You're an adult now. And adults have to take responsibility for themselves. Which means, if you're clothes are dirty, you need to wash them. If you're hungry, you need to go and get yourself some food. While you're young (and I hope you are still young when you try to learn all of this), take the time to learn these five skills so you aren't wasting your time learning them later.
1. How to Cook
I flipping hate cooking. There is no one who hates cooking in this world more than me. But eventually, you're going to need to cook...something. That is, one of these days, your meals will need to come not out of the microwave, but perhaps, the oven. (I know, shocking, right?)
I'm not a cooking expert, but there are a few essentials that I know you should probably learn:
-How to read directions (actually, if you're used to microwave meals, you've probably mastered this).
-How to scramble eggs.
-How to cook pasta.
-How to use knives.
-How to cook rice (even if you're using a rice cooker).
You can look most of these up on your own so I'm not giving you links for these lol!
2. How to Control Your Finances
Eric and I grew up very lucky in that our parents taught us how to manage our money and God has really blessed us. However, we're still imperfect human beings who have had to learn quite a bit (and are still learning) about money as we've grown into adulthood. For tips on finances, especially as it relates to credit cards and handling your money God's way, I suggest SeedTime. Bob Lotich and his wife are amazing. We just purchased their course on how to handle your finances. (We haven't finished it yet or I would probably give it a rave review right here and now ;)
3. How to Do Laundry
If you've never learned how to do laundry, I'm surprised you're breathing and able to read. Don't worry, it's not your fault; it's your mother's (or possibly her mother's for never teaching her?) Whatever. The point is: YOU NEED TO KNOW HOW TO DO LAUNDRY. And since I don't feel like writing an entire article on how to do your laundry, here's a video that will teach you how:
4. How to Schedule Your Life
You need to have a plan. There are 168 hours in a week, and according to most experts, we waste a good majority of that time watching TV, checking our phones, and "working" (which is to say, telling ourselves we're working when we're actually just wasting time). I highly recommend reading the book "168 Hours" by Laura Vanderkam. In the book she explains how we're spending our time and how we should be spending it to get the most out of life.
Which brings me to my next point: get a freaking planner. I know what you're thinking: "planners don't work for me". No, the problem is, you won't work with your planner. You leave it behind, refuse to consult it, and prefer to live life spontaneously.
You don't have to use a traditional planner, and I truly do believe that some people don't need them at all (I am not one of those people). But you do need SOMETHING to write notes in when those random things come into play. They can be sticky notes if that works for you. For goodness sakes, it can be the notes app on your phone; I'm sure your never without your phone! The bottom line is: write things down. There shouldn't be any surprises. There shouldn't be any "oh, yeah, that's right!" moments. Anytime you have that thought, stop and consider whether you wrote it down, or you lied to yourself and told yourself you would remember.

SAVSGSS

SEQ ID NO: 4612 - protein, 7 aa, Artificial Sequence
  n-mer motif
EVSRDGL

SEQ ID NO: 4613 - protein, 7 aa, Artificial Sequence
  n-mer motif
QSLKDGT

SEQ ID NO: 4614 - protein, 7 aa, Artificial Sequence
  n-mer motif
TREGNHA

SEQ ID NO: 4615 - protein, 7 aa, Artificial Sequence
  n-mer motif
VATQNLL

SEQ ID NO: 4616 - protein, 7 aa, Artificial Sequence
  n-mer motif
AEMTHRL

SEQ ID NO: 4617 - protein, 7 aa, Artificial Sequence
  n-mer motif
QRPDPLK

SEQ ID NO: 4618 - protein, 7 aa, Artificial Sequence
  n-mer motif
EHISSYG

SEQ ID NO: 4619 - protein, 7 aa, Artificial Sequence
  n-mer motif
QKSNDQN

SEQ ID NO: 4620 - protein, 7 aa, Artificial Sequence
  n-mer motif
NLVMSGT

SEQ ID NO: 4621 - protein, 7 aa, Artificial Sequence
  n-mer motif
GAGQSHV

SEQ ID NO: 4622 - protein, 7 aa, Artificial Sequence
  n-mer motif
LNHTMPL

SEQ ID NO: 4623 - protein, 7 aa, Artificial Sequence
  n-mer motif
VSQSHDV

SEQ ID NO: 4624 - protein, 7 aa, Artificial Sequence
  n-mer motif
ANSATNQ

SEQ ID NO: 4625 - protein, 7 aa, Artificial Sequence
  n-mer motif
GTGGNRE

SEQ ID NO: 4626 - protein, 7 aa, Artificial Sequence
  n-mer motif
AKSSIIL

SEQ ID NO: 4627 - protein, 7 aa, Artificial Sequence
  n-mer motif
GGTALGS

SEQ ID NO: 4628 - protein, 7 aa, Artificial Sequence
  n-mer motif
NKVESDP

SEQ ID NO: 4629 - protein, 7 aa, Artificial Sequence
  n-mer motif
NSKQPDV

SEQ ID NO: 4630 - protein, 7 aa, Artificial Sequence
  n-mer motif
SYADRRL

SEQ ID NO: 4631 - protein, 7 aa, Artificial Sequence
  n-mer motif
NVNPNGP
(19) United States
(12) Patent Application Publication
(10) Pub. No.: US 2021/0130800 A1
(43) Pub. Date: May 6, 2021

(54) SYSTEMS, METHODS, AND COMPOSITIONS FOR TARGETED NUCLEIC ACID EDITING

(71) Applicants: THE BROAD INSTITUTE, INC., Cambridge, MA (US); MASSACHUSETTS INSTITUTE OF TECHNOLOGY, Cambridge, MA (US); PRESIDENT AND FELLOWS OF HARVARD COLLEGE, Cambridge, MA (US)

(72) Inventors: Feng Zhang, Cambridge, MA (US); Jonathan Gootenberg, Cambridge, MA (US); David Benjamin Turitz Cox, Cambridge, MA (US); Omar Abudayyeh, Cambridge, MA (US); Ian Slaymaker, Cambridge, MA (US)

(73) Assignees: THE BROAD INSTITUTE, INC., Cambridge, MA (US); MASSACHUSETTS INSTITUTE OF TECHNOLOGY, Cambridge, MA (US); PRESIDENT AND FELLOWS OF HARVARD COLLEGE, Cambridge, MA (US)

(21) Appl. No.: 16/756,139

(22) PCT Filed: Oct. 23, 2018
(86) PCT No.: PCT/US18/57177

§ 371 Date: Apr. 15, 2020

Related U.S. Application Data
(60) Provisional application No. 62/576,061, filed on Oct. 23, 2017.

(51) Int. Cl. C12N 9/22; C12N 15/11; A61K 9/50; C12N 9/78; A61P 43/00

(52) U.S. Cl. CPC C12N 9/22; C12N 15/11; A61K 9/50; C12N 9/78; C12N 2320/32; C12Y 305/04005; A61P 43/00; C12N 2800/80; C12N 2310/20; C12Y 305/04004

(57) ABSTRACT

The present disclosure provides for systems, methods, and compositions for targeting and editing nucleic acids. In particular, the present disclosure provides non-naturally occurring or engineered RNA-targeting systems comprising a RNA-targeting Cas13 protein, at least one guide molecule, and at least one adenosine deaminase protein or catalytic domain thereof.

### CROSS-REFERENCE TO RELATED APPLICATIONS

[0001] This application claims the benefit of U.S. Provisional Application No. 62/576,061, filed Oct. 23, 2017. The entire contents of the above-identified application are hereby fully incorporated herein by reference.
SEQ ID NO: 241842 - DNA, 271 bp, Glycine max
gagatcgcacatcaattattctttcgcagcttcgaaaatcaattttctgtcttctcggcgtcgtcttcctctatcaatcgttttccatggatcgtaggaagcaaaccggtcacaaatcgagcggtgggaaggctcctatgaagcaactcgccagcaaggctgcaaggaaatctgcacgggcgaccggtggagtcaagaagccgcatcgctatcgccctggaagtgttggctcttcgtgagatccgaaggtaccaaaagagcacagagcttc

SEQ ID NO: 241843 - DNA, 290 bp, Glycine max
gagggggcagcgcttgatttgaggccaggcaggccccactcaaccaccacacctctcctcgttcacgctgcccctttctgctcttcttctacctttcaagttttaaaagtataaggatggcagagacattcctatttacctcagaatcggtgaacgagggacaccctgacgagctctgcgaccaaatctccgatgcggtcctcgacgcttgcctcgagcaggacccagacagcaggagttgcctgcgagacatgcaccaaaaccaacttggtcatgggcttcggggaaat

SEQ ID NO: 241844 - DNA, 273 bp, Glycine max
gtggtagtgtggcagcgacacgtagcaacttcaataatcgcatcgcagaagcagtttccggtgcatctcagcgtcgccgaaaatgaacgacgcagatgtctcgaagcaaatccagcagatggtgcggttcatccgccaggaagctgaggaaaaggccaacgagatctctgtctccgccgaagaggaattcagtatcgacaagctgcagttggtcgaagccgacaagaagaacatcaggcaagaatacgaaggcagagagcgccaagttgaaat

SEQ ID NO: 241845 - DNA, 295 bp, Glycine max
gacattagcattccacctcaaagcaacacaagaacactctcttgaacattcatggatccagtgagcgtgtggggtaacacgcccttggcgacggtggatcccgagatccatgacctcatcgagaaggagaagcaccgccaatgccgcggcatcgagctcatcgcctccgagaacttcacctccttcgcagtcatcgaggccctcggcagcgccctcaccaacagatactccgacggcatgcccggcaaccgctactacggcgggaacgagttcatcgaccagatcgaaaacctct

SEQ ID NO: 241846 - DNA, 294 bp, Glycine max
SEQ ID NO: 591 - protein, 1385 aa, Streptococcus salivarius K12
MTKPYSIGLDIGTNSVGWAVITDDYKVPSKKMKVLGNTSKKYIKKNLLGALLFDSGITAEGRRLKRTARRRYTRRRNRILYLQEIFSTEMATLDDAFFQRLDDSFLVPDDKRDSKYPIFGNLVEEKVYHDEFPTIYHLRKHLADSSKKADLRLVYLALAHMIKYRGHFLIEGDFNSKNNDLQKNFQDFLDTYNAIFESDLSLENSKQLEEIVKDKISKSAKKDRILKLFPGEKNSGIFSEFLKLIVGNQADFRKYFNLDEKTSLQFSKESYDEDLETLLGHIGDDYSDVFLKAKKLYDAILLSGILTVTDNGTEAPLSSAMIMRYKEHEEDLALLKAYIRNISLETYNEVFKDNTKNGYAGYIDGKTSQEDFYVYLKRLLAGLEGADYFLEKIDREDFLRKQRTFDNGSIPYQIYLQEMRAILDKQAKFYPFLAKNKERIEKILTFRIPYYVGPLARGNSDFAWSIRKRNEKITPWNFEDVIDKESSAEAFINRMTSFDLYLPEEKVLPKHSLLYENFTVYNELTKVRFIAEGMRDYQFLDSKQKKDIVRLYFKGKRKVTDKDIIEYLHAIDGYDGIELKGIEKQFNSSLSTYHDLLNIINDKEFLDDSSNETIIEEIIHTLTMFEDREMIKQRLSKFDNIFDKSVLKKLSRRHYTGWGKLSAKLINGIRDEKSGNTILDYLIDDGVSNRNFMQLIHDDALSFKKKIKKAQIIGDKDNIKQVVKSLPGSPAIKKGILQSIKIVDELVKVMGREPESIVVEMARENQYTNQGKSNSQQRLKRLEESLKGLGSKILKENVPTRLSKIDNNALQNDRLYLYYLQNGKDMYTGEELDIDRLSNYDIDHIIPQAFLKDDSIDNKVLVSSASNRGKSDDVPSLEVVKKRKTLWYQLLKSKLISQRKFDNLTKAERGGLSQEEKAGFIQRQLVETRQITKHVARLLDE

Don't lie to yourself.
Write it down.
5. How to Say No
It's no wonder we don't know how to say no. We grew up with parents and authority figures telling us we weren't allowed to say no to them. As children, we felt like we didn't have choices.
And then we became adults. Now your boss wants to add another project to your overstuffed in-tray. Your friend wants you to host a baby shower for her. Your extended family member wants money to go back to school...again. And you have no idea how to say no.
Let's think about these examples practically. You can say to your boss, "I got your email asking me to start the 'BLAH BLAH BLAH' project as soon as possible I already have the 'blah blah blah' project and the 'Blah Blah Blah' project in the works. I can prioritize two of these projects at once, but I won't be able to complete all three of them on time. Which projects would you like me to prioritize?" Or, think outside the box. Are there portions of these projects you've insisted on doing yourself that you really should delegate? Or, could a team of people you work with be built to work on a project together?
Your friend will survive if someone else has to host her baby shower. Sure, she'll be disappointed. But if she's a good friend, she'll understand. Tell her what you can do (are willing to do) and firmly tell her what you can't do.
Just tell your family member no. If they've proven they can't finish school then don't fund their inability to follow through. If it's a loan and they've had a habit of not paying back their loans, don't give them money. You're just helping them avoid adulting, which makes you a perpetrator. Don't put yourself in that role. Plus, once you say no once they typically stop asking.
This is something you'll need to practice. Start with the little things. Write down three things this week you can say no to; they can be anything. You can so no to being the designated driver, eating that piece of cake after 9pm, or skipping your workout and sleeping in.
What other skills do you think people need to know in order to adult correctly? Tell me in the comments so I can work on those skills!